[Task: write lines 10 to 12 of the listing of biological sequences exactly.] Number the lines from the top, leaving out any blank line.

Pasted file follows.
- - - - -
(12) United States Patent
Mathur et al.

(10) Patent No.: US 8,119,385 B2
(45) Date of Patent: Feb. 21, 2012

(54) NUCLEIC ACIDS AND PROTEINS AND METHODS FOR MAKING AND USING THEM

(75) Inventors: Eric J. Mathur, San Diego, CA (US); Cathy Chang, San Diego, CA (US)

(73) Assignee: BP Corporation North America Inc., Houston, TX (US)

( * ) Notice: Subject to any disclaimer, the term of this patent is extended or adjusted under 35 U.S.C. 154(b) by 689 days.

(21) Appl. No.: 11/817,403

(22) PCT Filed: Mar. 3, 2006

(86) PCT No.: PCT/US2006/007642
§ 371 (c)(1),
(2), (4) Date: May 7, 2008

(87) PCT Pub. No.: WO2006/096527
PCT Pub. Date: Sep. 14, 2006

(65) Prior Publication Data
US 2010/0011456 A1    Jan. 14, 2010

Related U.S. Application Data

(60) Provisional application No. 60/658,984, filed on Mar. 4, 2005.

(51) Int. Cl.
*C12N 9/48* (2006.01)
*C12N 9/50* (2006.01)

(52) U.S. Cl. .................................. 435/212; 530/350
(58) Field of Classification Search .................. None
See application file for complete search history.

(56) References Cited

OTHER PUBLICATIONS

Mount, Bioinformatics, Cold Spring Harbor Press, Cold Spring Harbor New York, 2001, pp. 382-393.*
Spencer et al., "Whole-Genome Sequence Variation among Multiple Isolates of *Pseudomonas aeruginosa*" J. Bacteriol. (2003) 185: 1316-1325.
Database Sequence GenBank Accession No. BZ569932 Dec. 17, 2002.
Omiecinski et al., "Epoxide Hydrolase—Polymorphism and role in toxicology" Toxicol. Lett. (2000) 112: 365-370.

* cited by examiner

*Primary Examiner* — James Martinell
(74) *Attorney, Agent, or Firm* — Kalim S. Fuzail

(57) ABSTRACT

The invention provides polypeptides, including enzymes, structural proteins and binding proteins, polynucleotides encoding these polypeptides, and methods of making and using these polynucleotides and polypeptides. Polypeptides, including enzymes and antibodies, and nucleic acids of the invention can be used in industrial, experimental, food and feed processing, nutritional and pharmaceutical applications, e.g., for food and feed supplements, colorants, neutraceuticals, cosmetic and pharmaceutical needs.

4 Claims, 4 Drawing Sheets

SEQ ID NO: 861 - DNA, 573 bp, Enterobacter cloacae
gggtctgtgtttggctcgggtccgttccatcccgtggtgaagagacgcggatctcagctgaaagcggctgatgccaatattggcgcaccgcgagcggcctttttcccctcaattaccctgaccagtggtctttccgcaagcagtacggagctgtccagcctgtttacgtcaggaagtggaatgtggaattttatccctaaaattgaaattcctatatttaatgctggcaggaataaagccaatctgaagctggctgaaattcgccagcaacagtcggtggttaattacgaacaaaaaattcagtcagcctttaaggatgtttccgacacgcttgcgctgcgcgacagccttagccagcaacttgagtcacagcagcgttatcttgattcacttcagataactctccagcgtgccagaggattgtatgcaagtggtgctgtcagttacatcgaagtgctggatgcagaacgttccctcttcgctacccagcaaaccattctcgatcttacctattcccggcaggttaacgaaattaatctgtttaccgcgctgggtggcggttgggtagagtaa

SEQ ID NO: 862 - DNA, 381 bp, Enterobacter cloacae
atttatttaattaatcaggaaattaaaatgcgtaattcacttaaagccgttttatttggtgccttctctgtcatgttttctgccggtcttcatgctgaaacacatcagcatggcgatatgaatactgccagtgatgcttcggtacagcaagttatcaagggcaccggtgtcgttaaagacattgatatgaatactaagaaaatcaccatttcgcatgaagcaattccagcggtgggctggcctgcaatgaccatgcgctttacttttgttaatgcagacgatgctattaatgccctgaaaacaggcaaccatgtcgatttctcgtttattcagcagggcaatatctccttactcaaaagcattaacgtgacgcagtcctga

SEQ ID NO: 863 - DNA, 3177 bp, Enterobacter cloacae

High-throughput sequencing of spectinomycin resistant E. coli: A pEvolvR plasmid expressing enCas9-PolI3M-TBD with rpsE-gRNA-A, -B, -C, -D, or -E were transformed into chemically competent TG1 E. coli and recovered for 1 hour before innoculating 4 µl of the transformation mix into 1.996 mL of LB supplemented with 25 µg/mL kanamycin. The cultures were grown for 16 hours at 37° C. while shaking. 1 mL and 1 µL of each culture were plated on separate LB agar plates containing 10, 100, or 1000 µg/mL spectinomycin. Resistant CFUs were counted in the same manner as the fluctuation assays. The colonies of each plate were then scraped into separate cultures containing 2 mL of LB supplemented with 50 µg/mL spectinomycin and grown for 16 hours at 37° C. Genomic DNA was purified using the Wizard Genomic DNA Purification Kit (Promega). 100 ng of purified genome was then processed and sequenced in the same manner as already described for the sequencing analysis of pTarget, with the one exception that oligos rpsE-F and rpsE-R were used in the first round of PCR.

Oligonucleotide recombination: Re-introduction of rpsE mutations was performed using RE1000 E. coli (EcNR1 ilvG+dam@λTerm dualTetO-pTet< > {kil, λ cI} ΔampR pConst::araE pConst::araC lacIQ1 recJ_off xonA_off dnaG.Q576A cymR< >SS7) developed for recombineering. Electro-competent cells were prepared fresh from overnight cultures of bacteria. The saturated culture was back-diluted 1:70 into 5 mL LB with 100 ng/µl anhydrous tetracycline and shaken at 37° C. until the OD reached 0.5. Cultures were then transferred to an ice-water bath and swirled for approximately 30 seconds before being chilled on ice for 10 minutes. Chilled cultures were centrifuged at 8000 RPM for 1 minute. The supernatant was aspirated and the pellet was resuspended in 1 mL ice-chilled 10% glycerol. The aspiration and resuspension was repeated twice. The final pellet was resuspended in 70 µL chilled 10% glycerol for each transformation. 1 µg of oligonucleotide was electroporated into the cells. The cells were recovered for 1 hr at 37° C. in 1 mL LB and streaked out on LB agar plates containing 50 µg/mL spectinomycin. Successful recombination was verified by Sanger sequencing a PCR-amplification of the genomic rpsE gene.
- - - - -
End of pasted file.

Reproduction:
(22) PCT Filed: Mar. 3, 2006

(86) PCT No.: PCT/US2006/007642
§ 371 (c)(1),